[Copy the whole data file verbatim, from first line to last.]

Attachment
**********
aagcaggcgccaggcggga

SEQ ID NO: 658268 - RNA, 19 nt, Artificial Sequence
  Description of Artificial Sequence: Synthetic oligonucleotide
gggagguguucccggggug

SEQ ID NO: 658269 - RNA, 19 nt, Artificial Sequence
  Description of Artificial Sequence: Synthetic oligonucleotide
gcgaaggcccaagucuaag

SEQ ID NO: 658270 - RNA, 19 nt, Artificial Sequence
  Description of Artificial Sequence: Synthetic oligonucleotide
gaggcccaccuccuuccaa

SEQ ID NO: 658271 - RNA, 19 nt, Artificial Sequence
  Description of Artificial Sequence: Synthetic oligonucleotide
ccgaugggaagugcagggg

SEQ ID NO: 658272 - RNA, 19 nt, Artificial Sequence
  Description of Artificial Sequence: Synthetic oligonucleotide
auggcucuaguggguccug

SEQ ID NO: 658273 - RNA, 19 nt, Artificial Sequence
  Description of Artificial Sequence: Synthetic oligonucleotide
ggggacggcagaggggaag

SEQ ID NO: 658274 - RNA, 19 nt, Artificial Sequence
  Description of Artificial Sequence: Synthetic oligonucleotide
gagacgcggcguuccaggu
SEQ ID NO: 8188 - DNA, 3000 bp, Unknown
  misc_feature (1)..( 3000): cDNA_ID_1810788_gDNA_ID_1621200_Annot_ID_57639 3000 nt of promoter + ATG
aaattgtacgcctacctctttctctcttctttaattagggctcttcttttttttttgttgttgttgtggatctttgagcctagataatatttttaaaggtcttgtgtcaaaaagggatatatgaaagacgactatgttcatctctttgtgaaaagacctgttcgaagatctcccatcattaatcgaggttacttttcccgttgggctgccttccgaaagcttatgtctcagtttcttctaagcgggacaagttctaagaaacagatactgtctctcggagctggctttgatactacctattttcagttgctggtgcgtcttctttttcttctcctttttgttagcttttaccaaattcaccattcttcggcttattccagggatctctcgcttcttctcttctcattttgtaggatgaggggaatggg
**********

aagcaggcgccaggcggga

SEQ ID NO: 658268 - RNA, 19 nt, Artificial Sequence
  Description of Artificial Sequence: Synthetic oligonucleotide
gggagguguucccggggug

SEQ ID NO: 658269 - RNA, 19 nt, Artificial Sequence
  Description of Artificial Sequence: Synthetic oligonucleotide
gcgaaggcccaagucuaag

SEQ ID NO: 658270 - RNA, 19 nt, Artificial Sequence
  Description of Artificial Sequence: Synthetic oligonucleotide
gaggcccaccuccuuccaa

SEQ ID NO: 658271 - RNA, 19 nt, Artificial Sequence
  Description of Artificial Sequence: Synthetic oligonucleotide
ccgaugggaagugcagggg

SEQ ID NO: 658272 - RNA, 19 nt, Artificial Sequence
  Description of Artificial Sequence: Synthetic oligonucleotide
auggcucuaguggguccug

SEQ ID NO: 658273 - RNA, 19 nt, Artificial Sequence
  Description of Artificial Sequence: Synthetic oligonucleotide
ggggacggcagaggggaag

SEQ ID NO: 658274 - RNA, 19 nt, Artificial Sequence
  Description of Artificial Sequence: Synthetic oligonucleotide
gagacgcggcguuccaggu
SEQ ID NO: 8188 - DNA, 3000 bp, Unknown
  misc_feature (1)..( 3000): cDNA_ID_1810788_gDNA_ID_1621200_Annot_ID_57639 3000 nt of promoter + ATG
aaattgtacgcctacctctttctctcttctttaattagggctcttcttttttttttgttgttgttgtggatctttgagcctagataatatttttaaaggtcttgtgtcaaaaagggatatatgaaagacgactatgttcatctctttgtgaaaagacctgttcgaagatctcccatcattaatcgaggttacttttcccgttgggctgccttccgaaagcttatgtctcagtttcttctaagcgggacaagttctaagaaacagatactgtctctcggagctggctttgatactacctattttcagttgctggtgcgtcttctttttcttctcctttttgttagcttttaccaaattcaccattcttcggcttattccagggatctctcgcttcttctcttctcattttgtaggatgaggggaatggg